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The Rich and Lazarus

Today’s Gospel lesson gives us instruction for our current everyday lives, as well as for our eternal life with God. It shows us that appearances can be deceiving. Rich people would often justify themselves by saying that God was rewarding them for their life of good deeds. Thus when some misfortune or evil occurred in other peoples’ lives, it was believed that they must have done something wrong before God, in order to deserve such punishment from Him. Thus the rich were God’s favorites, and everyone else got what they deserved. This understanding of things served well to make leaders and rulers pleased with their lot in life.

But Jesus contradicted this convenient materialistic world-view. In Luke 13:2-5, He tells us about Galileans who had been put to death by Pilate, and also about men in Jerusalem who had been killed by accident. Christ said that these men did not die because they were greater sinners than other men. In today’s Gospel lesson it was the poor, hungry beggar full of sores, who was God’s chosen, and not the successful rich man who dressed and dined well, but was thoughtless and inconsiderate, if not intentionally cruel.

Today’s Gospel lesson shows us how circumstances can become reversed, so that those who are well-off in this life, can become beggars in the after-life, when they are called to account for their former behavior. Let us try not to be so proud, blinded, or single-minded in the pursuit of our own riches, that we lose sight of and compassion for those around us.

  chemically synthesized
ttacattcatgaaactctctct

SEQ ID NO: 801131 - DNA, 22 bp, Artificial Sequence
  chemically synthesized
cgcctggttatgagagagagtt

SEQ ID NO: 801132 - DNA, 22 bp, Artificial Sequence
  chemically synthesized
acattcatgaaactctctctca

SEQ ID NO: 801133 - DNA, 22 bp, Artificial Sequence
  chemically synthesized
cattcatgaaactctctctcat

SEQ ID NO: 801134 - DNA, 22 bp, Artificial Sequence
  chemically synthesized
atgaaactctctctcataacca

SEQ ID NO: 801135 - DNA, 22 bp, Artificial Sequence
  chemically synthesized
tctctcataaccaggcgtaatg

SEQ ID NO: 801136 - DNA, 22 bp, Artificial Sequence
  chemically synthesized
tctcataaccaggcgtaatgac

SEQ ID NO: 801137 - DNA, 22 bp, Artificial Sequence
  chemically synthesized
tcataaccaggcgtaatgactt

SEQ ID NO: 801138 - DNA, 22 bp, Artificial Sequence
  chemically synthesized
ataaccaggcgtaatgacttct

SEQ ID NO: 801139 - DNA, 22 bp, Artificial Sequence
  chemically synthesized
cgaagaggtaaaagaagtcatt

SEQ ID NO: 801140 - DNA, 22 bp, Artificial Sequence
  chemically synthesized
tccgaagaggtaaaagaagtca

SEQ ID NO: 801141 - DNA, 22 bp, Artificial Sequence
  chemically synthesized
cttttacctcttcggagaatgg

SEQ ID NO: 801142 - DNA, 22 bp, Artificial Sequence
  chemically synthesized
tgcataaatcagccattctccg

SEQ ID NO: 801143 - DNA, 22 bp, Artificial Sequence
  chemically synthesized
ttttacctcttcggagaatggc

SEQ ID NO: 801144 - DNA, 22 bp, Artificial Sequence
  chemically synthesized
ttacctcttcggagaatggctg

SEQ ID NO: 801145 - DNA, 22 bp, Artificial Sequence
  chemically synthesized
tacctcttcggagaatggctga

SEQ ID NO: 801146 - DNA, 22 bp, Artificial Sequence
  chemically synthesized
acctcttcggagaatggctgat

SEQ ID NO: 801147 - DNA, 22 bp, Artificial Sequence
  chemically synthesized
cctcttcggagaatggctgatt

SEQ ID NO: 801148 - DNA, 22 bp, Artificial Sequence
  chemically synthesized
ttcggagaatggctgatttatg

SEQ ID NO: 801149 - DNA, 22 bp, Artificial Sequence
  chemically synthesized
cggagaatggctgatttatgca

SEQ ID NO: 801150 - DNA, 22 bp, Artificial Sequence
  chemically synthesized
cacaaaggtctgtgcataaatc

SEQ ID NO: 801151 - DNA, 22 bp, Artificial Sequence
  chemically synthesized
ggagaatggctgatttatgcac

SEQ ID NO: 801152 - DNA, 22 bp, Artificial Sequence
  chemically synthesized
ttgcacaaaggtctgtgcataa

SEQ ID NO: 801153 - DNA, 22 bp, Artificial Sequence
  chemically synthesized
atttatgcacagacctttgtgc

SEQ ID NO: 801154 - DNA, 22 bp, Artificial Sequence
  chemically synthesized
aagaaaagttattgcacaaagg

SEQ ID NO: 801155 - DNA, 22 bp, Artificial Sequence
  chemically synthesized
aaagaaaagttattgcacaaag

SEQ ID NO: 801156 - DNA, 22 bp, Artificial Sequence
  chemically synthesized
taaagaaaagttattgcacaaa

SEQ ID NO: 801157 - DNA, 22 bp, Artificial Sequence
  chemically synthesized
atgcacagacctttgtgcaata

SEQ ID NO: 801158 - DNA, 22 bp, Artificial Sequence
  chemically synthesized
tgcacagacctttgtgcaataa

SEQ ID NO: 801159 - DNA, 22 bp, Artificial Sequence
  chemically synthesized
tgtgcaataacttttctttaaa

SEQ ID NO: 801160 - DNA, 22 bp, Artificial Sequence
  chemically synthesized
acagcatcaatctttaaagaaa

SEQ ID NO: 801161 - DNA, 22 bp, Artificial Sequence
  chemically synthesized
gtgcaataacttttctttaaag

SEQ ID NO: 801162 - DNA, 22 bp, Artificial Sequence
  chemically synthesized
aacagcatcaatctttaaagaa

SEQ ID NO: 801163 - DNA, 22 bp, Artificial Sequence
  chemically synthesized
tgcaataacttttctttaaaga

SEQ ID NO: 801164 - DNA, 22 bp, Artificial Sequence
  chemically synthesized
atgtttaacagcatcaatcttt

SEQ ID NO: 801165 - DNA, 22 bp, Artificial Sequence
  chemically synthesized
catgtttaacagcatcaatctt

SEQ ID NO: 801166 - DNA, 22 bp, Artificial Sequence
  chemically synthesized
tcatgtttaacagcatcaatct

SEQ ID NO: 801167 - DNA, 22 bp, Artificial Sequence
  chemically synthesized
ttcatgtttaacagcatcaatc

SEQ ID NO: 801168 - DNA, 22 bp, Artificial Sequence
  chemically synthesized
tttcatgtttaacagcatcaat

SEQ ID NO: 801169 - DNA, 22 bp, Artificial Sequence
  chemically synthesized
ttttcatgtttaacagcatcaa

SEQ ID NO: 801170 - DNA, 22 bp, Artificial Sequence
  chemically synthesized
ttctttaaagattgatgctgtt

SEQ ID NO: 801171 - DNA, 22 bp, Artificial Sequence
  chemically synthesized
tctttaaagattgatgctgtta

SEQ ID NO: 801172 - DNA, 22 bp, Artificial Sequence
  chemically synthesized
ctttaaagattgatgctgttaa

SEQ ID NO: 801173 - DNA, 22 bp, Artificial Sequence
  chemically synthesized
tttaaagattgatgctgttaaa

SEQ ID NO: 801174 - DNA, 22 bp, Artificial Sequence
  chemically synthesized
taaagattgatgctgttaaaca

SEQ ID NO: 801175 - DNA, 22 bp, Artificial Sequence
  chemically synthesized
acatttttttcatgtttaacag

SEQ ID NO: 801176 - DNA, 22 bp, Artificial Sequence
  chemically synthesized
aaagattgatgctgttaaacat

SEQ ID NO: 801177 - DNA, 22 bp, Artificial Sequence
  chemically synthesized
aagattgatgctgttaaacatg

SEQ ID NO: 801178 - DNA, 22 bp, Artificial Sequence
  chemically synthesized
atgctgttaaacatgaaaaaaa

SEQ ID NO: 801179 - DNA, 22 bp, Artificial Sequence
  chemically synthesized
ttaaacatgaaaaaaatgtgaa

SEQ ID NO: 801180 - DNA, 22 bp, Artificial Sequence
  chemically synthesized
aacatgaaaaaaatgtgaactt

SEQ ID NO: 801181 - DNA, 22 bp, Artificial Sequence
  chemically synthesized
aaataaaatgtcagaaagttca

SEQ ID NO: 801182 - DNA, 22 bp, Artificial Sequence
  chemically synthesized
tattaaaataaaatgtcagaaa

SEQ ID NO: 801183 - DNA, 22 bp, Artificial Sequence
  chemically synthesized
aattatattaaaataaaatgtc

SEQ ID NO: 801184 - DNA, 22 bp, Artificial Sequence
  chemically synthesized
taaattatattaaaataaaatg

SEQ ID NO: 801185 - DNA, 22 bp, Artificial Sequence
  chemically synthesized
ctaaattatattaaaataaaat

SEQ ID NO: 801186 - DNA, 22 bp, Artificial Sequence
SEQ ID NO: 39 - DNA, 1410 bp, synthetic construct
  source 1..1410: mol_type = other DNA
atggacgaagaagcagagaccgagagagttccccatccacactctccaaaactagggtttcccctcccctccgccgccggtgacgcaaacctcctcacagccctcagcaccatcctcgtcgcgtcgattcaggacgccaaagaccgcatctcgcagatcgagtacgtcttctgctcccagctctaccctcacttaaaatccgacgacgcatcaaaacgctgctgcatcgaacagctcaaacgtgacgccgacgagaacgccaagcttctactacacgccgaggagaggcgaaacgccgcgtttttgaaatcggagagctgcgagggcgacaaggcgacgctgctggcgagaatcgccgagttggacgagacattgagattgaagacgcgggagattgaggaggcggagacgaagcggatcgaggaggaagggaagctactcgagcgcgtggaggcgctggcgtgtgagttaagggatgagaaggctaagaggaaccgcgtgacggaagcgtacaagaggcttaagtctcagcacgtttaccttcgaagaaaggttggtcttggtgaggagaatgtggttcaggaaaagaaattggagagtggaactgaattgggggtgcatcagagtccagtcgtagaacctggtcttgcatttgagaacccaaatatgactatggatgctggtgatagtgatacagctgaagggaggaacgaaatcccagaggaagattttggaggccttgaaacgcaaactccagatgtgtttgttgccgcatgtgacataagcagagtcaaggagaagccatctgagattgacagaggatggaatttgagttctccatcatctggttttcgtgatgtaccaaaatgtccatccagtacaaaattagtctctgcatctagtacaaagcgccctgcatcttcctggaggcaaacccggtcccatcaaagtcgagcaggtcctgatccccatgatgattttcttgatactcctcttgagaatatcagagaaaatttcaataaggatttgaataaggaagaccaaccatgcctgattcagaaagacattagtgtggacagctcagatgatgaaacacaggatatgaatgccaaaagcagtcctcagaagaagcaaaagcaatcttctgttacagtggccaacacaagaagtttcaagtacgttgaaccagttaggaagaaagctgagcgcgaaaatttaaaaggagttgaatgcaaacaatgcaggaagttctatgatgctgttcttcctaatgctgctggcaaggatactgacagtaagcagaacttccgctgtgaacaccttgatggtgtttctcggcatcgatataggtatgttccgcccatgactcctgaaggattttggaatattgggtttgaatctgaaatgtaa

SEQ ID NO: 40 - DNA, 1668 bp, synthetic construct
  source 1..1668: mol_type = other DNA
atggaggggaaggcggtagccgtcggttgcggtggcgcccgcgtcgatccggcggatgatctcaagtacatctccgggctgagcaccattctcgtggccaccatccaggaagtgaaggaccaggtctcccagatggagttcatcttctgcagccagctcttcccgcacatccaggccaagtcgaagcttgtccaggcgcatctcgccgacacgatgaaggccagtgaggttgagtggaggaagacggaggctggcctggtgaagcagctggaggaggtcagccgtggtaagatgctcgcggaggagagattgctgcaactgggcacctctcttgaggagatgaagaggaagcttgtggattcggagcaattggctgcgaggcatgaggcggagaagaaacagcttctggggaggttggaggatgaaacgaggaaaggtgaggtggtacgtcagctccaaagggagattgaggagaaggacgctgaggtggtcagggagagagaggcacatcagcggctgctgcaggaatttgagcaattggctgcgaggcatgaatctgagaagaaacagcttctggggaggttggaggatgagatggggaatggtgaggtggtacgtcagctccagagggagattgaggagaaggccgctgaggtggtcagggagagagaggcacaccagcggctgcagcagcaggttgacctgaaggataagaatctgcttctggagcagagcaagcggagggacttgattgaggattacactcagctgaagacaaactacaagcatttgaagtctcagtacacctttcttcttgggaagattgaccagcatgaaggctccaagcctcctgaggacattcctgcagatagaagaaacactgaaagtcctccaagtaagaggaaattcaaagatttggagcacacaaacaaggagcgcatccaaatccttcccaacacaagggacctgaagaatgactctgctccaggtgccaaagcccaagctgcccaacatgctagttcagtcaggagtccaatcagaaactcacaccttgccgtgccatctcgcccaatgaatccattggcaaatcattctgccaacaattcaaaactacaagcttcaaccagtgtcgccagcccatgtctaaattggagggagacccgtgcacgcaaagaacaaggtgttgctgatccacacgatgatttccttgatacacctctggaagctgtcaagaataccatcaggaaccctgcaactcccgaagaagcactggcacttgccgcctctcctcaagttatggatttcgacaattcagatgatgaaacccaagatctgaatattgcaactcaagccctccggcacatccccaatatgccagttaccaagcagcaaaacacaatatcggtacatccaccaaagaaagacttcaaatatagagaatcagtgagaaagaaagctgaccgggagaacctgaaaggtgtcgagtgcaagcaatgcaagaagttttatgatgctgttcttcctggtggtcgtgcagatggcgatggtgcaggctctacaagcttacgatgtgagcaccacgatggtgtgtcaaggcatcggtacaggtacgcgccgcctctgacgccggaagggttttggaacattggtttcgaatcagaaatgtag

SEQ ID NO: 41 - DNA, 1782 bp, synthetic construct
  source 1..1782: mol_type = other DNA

Life is like a series of problems to be recognized, addressed, dealt with, and, if possible, overcome. If problems are not recognized and dealt with, they can accumulate to the point that life itself is imperiled or overcome. Those who fail to recognize problems or who react to problems with indifference or neglect, will suffer the consequences of their behavior.

The idea of a fixed insurmountable ‘great gulf’ separating the good from the evil, gives us a description of the separation between heaven and hell. It brings to mind the plight of those islanders who used up all their trees so that they could no longer build boats to catch the fish they needed in order to survive. They failed to identify and conserve a critical natural resource. The ocean became a fixed insurmountable ‘great gulf’, and eventually they and their societal efforts perished. In our times, the earth is like that island, in the ‘ocean’ of space. When all is exploited and polluted, what kind of life will there be left to live?

The ending verses of today’s lesson seem to say that if people do not pay any attention to the Word of God in the Old Testament, neither will they pay any attention to Christ, the Word of God in the New Testament. Not everyone is given the grace to hear and accept the Word of God. Neither is everyone open to the voice of instruction in their daily lives. This is not completely without some justification. There are so many liars, charlatans, and misguided distractions spewing advice that it becomes difficult to discern a note of truth in the din of life.

Fr. Walter Hvostik

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